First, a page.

UK Court Hears First Case on Points-Based Immigration System

Despite a boom in business immigration in recent years, the court has only recently heard the first case concerning ''Tier-2'' of the UK's points-based immigration system in R (on the application of Raj & Knoll Ltd) v Secretary of State for the Home Department (2015).

The claimant owned three care homes and employed a total of 39 migrant workers under Tier 2. Following the claimant's application to renew its Sponsor Licence, Home Office Compliance Officers made a Licence renewal visit to the claimant's registered business address.

On arrival, the compliance officers found that the claimant had moved from this address some months earlier. On investigation, the officers also found that whilst the claimant's (incorrect) registered address was listed on the Certificates of Sponsorship issued to its migrant workers, none of those workers had ever actually worked at that address. The claimant had also failed to keep appropriate records of meeting the resident labour market test, which is a Sponsor requirement under Tier 2.

As a result of those incidents of non-compliance with its Sponsor duties, a letter was sent to the claimant by the Compliance Officers advising that its Sponsor Licence was being suspended and that the Claimant had a 20 day period to "make representations, including submitting evidence, in response to the issues raised". The claimant responded to this letter and a chain of correspondence began, as part of which the claimant made representations. However, the Secretary of State sent a further letter revoking the Licence as the claimant had failed, at any point during the correspondence, to provide evidence to illustrate that it had addressed all of the issues raised in the initial letter. The claimant argued that this decision was irrational, because:

• The Sponsor Management Unit should have been aware that the registered address was no longer in use;
• Attempts to change the registered address had been rejected by the Secretary of State; and
• Any breach of record-keeping requirements were minimal.

The claimant therefore asserted that the Secretary of State should have used her discretion to take action short of revocation; for example, downgrading the Sponsor Licence. Revocation of the Licence meant that the claimant could no longer employ any non-EEA migrant workers.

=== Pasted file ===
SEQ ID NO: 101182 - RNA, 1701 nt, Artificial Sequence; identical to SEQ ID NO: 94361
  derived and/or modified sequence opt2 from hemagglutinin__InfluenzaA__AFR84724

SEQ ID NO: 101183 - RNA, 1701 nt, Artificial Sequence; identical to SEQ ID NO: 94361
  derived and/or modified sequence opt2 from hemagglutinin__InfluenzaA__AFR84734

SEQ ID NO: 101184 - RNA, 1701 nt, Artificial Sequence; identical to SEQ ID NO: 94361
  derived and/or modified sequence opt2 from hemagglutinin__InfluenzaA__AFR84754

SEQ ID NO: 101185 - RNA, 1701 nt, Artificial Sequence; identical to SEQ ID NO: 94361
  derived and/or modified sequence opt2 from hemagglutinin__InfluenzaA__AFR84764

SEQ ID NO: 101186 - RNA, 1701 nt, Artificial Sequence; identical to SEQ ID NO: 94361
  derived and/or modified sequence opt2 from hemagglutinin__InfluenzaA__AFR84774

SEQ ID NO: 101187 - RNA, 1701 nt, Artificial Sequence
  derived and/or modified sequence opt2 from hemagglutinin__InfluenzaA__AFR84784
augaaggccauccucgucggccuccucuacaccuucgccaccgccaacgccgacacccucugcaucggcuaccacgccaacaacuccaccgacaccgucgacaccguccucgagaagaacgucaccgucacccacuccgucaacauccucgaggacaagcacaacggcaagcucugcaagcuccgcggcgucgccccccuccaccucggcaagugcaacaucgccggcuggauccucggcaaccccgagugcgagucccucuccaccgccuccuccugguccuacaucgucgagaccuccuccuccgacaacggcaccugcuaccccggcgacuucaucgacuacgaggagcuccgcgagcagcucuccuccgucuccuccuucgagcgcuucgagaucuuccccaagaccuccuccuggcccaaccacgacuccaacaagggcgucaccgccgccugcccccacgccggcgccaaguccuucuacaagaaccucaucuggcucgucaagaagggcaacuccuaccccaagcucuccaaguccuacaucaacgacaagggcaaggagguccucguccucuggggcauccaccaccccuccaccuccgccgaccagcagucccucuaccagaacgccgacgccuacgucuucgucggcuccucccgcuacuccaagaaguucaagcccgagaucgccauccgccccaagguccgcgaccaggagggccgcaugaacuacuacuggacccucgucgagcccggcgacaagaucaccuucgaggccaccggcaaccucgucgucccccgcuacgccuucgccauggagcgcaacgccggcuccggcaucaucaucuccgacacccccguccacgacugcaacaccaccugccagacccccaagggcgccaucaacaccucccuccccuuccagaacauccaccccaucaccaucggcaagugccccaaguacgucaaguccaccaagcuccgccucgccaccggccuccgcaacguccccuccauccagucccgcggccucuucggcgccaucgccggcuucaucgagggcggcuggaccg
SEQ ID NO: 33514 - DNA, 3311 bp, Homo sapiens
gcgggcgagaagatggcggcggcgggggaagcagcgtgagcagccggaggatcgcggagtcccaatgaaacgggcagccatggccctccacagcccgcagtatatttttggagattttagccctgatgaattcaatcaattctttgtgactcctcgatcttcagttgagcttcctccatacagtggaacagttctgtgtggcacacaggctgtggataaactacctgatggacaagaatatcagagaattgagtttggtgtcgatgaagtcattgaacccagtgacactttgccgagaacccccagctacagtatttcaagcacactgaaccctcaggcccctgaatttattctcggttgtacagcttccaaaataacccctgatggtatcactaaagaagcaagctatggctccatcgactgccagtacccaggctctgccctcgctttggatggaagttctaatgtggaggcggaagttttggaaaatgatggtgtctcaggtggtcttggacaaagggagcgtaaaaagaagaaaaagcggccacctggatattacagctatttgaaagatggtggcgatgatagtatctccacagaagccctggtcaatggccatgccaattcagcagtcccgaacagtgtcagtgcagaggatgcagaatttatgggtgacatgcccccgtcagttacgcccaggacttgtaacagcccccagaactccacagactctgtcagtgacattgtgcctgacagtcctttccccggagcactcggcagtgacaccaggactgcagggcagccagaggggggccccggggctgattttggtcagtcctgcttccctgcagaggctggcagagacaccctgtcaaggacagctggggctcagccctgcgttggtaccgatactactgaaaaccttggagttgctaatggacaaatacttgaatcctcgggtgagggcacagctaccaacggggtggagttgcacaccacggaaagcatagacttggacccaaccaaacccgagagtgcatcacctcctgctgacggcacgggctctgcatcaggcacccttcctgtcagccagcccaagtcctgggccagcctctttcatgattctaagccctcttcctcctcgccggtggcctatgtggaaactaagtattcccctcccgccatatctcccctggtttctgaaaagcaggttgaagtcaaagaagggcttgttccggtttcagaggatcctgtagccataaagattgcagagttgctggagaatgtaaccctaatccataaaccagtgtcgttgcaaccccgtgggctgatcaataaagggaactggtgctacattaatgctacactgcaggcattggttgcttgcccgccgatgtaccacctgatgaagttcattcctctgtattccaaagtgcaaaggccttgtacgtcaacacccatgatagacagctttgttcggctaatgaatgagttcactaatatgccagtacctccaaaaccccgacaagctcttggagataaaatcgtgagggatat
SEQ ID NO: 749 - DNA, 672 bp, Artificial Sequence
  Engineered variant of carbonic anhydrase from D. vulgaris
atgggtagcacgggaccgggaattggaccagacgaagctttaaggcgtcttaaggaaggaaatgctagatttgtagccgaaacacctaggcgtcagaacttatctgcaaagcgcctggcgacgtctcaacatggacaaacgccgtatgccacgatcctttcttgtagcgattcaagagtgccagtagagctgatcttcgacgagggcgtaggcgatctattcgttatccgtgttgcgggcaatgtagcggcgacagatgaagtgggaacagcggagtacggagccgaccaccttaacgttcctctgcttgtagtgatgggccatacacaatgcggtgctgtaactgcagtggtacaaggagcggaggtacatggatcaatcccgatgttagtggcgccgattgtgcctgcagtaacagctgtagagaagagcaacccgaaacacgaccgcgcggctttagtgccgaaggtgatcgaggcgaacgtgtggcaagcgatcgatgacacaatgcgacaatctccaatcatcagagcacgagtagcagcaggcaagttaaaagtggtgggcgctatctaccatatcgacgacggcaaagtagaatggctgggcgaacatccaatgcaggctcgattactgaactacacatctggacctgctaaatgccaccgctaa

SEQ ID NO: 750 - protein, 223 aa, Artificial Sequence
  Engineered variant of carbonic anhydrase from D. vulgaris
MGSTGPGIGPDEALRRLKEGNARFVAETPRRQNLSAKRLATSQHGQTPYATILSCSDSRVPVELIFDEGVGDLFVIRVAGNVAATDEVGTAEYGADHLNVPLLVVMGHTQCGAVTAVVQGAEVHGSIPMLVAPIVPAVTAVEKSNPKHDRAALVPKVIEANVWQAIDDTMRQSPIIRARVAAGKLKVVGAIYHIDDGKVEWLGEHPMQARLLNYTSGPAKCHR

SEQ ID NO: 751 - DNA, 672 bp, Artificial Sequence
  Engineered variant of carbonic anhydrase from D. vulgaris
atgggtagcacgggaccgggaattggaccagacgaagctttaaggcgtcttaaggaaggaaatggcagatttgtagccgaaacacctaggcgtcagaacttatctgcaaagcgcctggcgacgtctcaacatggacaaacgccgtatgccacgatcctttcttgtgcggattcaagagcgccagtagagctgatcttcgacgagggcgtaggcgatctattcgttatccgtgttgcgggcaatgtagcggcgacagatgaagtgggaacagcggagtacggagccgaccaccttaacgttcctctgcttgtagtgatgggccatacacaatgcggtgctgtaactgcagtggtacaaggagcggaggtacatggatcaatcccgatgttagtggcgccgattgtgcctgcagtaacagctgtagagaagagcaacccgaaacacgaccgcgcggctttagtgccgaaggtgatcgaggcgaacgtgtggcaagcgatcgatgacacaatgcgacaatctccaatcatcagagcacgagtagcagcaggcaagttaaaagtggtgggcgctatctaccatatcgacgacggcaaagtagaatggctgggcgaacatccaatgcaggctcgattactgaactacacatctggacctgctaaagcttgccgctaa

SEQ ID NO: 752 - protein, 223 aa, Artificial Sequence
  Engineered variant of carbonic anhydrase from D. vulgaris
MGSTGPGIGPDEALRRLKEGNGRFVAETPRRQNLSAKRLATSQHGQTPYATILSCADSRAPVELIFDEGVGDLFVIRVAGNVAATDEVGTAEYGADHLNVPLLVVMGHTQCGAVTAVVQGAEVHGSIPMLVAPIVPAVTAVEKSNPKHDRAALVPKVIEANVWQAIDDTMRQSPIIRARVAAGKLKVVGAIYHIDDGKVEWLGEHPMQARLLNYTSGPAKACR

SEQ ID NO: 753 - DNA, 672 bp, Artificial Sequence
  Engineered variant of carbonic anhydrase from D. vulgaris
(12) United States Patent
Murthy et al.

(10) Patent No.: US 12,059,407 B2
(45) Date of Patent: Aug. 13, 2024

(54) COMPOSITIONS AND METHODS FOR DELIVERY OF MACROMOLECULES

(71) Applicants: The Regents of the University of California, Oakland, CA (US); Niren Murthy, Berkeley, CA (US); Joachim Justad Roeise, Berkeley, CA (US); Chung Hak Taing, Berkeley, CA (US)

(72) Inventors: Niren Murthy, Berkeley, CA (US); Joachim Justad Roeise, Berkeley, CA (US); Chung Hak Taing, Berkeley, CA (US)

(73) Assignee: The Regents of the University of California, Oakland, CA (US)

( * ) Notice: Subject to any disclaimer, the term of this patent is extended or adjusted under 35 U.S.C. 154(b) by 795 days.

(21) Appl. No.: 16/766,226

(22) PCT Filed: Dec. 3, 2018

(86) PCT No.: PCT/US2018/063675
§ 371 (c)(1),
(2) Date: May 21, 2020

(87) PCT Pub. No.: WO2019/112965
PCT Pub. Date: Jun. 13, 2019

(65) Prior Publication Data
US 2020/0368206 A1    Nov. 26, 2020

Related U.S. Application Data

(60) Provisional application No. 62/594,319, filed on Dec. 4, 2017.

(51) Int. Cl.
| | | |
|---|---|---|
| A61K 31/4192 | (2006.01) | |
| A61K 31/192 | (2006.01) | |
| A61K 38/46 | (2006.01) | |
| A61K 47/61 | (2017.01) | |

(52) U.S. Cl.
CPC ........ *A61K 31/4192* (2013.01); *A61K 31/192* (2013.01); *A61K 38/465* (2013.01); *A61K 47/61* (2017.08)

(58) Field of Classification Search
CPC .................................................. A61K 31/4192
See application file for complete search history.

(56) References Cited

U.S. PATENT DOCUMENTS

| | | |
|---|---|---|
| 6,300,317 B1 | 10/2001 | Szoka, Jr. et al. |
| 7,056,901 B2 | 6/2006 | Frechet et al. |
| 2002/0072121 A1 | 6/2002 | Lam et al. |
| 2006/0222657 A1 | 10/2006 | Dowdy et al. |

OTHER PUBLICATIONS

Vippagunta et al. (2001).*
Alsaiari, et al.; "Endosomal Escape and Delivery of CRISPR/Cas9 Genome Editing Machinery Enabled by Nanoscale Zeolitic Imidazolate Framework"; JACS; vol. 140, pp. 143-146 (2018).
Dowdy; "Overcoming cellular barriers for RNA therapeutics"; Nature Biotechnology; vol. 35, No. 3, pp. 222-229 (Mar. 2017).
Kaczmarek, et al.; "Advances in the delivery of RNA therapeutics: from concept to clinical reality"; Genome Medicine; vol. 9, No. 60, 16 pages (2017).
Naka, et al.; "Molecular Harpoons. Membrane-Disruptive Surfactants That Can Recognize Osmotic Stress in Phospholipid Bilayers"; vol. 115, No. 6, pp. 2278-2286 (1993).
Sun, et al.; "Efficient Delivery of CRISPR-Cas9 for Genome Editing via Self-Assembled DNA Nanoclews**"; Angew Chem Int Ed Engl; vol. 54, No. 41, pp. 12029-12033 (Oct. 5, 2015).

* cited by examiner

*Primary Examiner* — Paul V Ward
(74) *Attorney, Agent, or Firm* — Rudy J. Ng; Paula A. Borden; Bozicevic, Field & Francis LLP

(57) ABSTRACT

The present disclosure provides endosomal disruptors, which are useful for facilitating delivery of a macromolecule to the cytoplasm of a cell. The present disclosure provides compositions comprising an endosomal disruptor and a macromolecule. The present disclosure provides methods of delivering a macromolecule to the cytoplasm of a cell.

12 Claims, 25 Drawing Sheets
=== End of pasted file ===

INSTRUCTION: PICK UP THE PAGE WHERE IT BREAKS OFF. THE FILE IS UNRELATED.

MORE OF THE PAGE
The court held that there was no substance in any of the claimant's arguments. The claimant had neglected to comply with its record-keeping duties and with the resident labour market test, and had failed to correct those problems and provide evidence of this within the timeframe given by the Secretary of State in its initial letter. A clear warning was provided in the course of correspondence that such a failure would result in the revocation of the Licence; the Secretary of State was therefore justified in doing so.

In giving this judgment the court described the claimant's attitude to the Tier 2 Sponsor Guidance as "sloppy and cavalier" and made clear that, even though there is discretion to impose a sanction other than revocation, revocation would be the normal outcome in cases of non-compliance unless there are exceptional circumstances.

This case, the first to comment on the Tier 2 immigration process, makes abundantly clear than non-compliance with Sponsor Guidance will not be tolerated. Although in this instance the claimant committed a clear and relatively large breach of its obligations, the court's comments that revocation of a Sponsor Licence is to be expected in all but the most exceptional cases of non-compliance indicates that even a minor breach could have a devastating effect on employers using the Tier 2 system.

The court's strong stance on this point may be of concern to employers, particularly given that some of the current guidance on Sponsor duties is less than clear.

If you require further information or assistance with business immigration, please contract Kirsty Cooke of the Ashfords Employment Team.

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